a) It is known that the absolute pressure in the gas container is 89kPa at 273K temperature. What is the range of pressure in the container that can be measured without permanently deforming the membrane?

b) Assuming the volume of the container is constant, what is the corresponding temperature range that allows the pressure in the container to be measured?

### Solution

a) The net force experienced by the membrane is caused by the difference of the pressure in the gas container and atmospheric pressure (gauge pressure). Using the definition of pressure [latex]P=\frac{F}{A}[/latex], we can calculate the range of gauge pressure we can measure with the membrane. The net force can be exerted in both directions, which means the gauge pressure may be positive to negative:

$$P=\frac{F}{A}=\frac{300N}{0.005m^2}=60000Pa$$

So the range of **gauge** pressure we can measure is: $$-60000Pa<P<60000Pa$$

The range of **absolute** pressure we can measure is:

\begin{align*}

1.0×10^5Pa-60000Pa<&P<1.0×10^5Pa+60000Pa\\

0.4×10^5Pa<&P<1.6×10^5Pa

\end{align*}

b) We can calculate the corresponding temperatures by rearranging the ideal gas law:

$$n=\frac{P_1V_1}{RT_1}=\frac{P_2V_2}{RT_2}$$

Because R and the volume of the container are constant, we can simplify the equation:

$$\frac{P_1}{T_1}=\frac{P_2}{T_2}$$

And we can solve for the temperature range by substituting in the range of absolute pressure and the known set of temperature and pressure:

\begin{align*}

\frac{1.6×10^5Pa}{T_{high}}&=\frac{89×10^3Pa}{273K}\\

T_{high}&=\frac{1.6×10^5Pa×273K}{89×10^3Pa}\\

&=491K

\end{align*}

\begin{align*}

\frac{0.4×10^5Pa}{T_{low}}&=\frac{89×10^3Pa}{273K}\\

T_{low}&=\frac{0.4×10^5Pa×273K}{89×10^3Pa}\\

&=123K

\end{align*}

So the temperature range to measure the pressure in the container is $$123K<T<491K$$

Exercise: Pxy Diagram

The following graph shows the Pxy diagram for a mixture of n-hexane and n-heptane at a constant temperature of 373K.

Using the diagram above, answer the following questions:

a) What is the vapour pressure of pure n-hexane at T=373K?

b) What is the phase(s) in the system when the mole fraction of n-hexane in the system is 0.3 at a pressure of 2 bar?

c) What is the dew point pressure for a mixture with 30% n-heptane?

d) At vapour-liquid equilibrium, if the mole fraction of n-hexane in the liquid phase is 0.3, what is the mole fraction of n-hexane in the vapour phase?

e) At vapour-liquid equilibrium, if the mole fraction of n-hexane in the vapour phase is 0.3, what is the mole fraction of n-hexane in the liquid phase?

### Solution

*(Since the answers are read from the graph, each question will allow a range of correct answers)*

a) 2.45 bar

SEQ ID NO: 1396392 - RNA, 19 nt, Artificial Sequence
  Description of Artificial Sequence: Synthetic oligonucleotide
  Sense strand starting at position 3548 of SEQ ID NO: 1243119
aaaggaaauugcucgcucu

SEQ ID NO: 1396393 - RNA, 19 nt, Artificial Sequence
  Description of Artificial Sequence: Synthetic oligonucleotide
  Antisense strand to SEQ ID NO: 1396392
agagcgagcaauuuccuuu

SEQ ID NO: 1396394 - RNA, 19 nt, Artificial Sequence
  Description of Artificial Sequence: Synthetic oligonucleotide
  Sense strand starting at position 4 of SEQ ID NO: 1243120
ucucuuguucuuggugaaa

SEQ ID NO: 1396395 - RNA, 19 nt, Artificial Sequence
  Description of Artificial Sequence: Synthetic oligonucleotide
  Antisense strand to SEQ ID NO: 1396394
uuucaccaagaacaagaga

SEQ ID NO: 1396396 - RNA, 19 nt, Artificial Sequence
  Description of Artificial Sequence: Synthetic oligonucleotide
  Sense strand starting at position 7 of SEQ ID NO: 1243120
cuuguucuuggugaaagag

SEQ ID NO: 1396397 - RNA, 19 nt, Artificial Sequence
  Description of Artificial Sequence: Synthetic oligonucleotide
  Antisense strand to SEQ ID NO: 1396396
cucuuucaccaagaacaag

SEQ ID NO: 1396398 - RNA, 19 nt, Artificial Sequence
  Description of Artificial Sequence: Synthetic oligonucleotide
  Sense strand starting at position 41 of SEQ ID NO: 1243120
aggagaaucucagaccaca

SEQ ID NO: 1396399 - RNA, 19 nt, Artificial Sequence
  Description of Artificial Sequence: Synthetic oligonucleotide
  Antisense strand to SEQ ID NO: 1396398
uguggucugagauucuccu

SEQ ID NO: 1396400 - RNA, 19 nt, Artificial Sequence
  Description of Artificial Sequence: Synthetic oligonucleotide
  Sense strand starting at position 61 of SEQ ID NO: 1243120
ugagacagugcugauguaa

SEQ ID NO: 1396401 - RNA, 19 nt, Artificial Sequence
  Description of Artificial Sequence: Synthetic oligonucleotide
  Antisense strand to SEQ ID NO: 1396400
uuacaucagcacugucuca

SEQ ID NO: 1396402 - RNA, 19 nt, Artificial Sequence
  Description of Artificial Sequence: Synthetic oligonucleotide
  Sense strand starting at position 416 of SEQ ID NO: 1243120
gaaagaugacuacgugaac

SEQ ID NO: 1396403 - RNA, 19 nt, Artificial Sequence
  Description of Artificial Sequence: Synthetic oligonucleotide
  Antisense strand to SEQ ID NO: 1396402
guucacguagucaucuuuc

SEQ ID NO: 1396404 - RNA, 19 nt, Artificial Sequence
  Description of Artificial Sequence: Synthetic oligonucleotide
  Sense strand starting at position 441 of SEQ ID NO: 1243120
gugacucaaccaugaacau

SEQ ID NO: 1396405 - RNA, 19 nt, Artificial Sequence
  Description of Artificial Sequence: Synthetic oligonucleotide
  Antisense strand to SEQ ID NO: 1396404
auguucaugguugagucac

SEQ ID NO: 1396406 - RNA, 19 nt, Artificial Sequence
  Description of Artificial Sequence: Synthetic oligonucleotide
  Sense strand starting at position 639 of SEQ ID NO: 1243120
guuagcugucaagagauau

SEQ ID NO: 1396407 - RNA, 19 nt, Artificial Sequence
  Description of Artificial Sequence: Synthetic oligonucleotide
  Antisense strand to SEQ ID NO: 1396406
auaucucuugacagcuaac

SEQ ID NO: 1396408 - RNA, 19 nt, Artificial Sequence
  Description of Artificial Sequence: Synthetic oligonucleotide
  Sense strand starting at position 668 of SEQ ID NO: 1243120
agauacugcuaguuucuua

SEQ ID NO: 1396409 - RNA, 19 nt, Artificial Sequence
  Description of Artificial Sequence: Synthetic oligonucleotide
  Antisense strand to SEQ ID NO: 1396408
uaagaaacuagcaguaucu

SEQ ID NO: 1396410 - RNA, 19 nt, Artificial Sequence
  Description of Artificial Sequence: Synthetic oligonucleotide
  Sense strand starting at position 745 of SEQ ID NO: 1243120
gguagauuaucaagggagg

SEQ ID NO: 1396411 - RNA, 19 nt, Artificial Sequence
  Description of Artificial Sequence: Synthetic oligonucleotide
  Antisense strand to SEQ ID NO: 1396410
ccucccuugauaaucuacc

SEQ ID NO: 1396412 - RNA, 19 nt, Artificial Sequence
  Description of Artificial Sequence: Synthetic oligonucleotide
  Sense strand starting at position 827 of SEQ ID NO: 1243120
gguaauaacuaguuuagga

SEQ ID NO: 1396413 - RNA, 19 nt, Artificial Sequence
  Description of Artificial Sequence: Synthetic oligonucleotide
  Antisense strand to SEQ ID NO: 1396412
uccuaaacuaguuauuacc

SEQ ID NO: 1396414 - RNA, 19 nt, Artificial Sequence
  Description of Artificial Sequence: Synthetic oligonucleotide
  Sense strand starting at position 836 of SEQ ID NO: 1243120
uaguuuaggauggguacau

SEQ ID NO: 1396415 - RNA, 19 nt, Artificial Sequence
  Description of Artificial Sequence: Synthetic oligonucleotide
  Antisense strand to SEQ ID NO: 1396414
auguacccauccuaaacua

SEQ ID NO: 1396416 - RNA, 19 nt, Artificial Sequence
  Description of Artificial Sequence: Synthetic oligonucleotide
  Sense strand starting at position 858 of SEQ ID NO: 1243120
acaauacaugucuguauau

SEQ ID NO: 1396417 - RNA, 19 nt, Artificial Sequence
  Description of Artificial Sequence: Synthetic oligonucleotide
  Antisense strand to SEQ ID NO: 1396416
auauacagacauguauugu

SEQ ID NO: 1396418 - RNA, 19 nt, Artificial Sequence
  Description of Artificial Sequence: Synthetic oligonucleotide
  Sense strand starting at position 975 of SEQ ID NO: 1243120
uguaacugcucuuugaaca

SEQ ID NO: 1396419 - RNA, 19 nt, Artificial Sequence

Find the y-coordinate for the point when the mole fraction of n-hexane is 1 and the two lines meet at a point.

b)the system only has a liquid phase

c) 1.75 bar**
**Because the x-axis represents the mole fraction of n-hexane, we need to convert 30% n-heptane to mole fraction of n-hexane=0.7:

**d) [latex]y_{n-hexane}=0.5[/latex]**

**e) [latex]x_{n-hexane}=0.5[/latex]**

Exercise: Txy Diagram

The following graph shows the Txy diagram for a mixture of n-hexane and n-heptane at a constant pressure of 1.013 bar.

Using the diagram above, answer the following questions:

a) What is the boiling temperature for pure n-heptane at P=1.013 bar?

b) What is the bubble point temperature when the mole fraction of n-hexane is 0.6?

c) If the mole fraction of n-hexane is 0.4, at T=360K, what is the mole fraction of n-hexane in liquid and vapour phase?

d) Say we use the following process to purify the n-hexane in the stream:

- We start with a liquid mixture of 50% n-hexane at its bubble point
- The liquid mixture is sent to an isothermal distillation column, where the system is kept at a steady-state of vapour-liquid equilibrium at the bubble point, and we collect the vapour into the output stream as soon as the vapour is formed
- The vapour is cooled to the bubble point
- We send the liquid into another isothermal distillation column, where we collect the vapour formed at the bubble point

What is the mole fraction of n-hexane in the purified stream?

### Solution

*(Because the answer is read from the graph, each question will allow a range of correct answers)*

a)372K

Find the y-coordinate for the point when the mole fraction of n-hexane is 0 and the two lines meet at a point.

b) 351K

c) [latex]x_{n-hexane}=0.3[/latex], [latex]y_{n-hexane}=0.5[/latex]

d) mole fraction of n-hexane in the purified stream=0.85

## References

[1] OpenStax University Physics Volume 2. 2016. *2.1 Molecular Model of an Ideal Gas.* [online] <https://openstax.org/books/university-physics-volume-2/pages/2-1-molecular-model-of-an-ideal-gas> [Accessed 14 May 2020].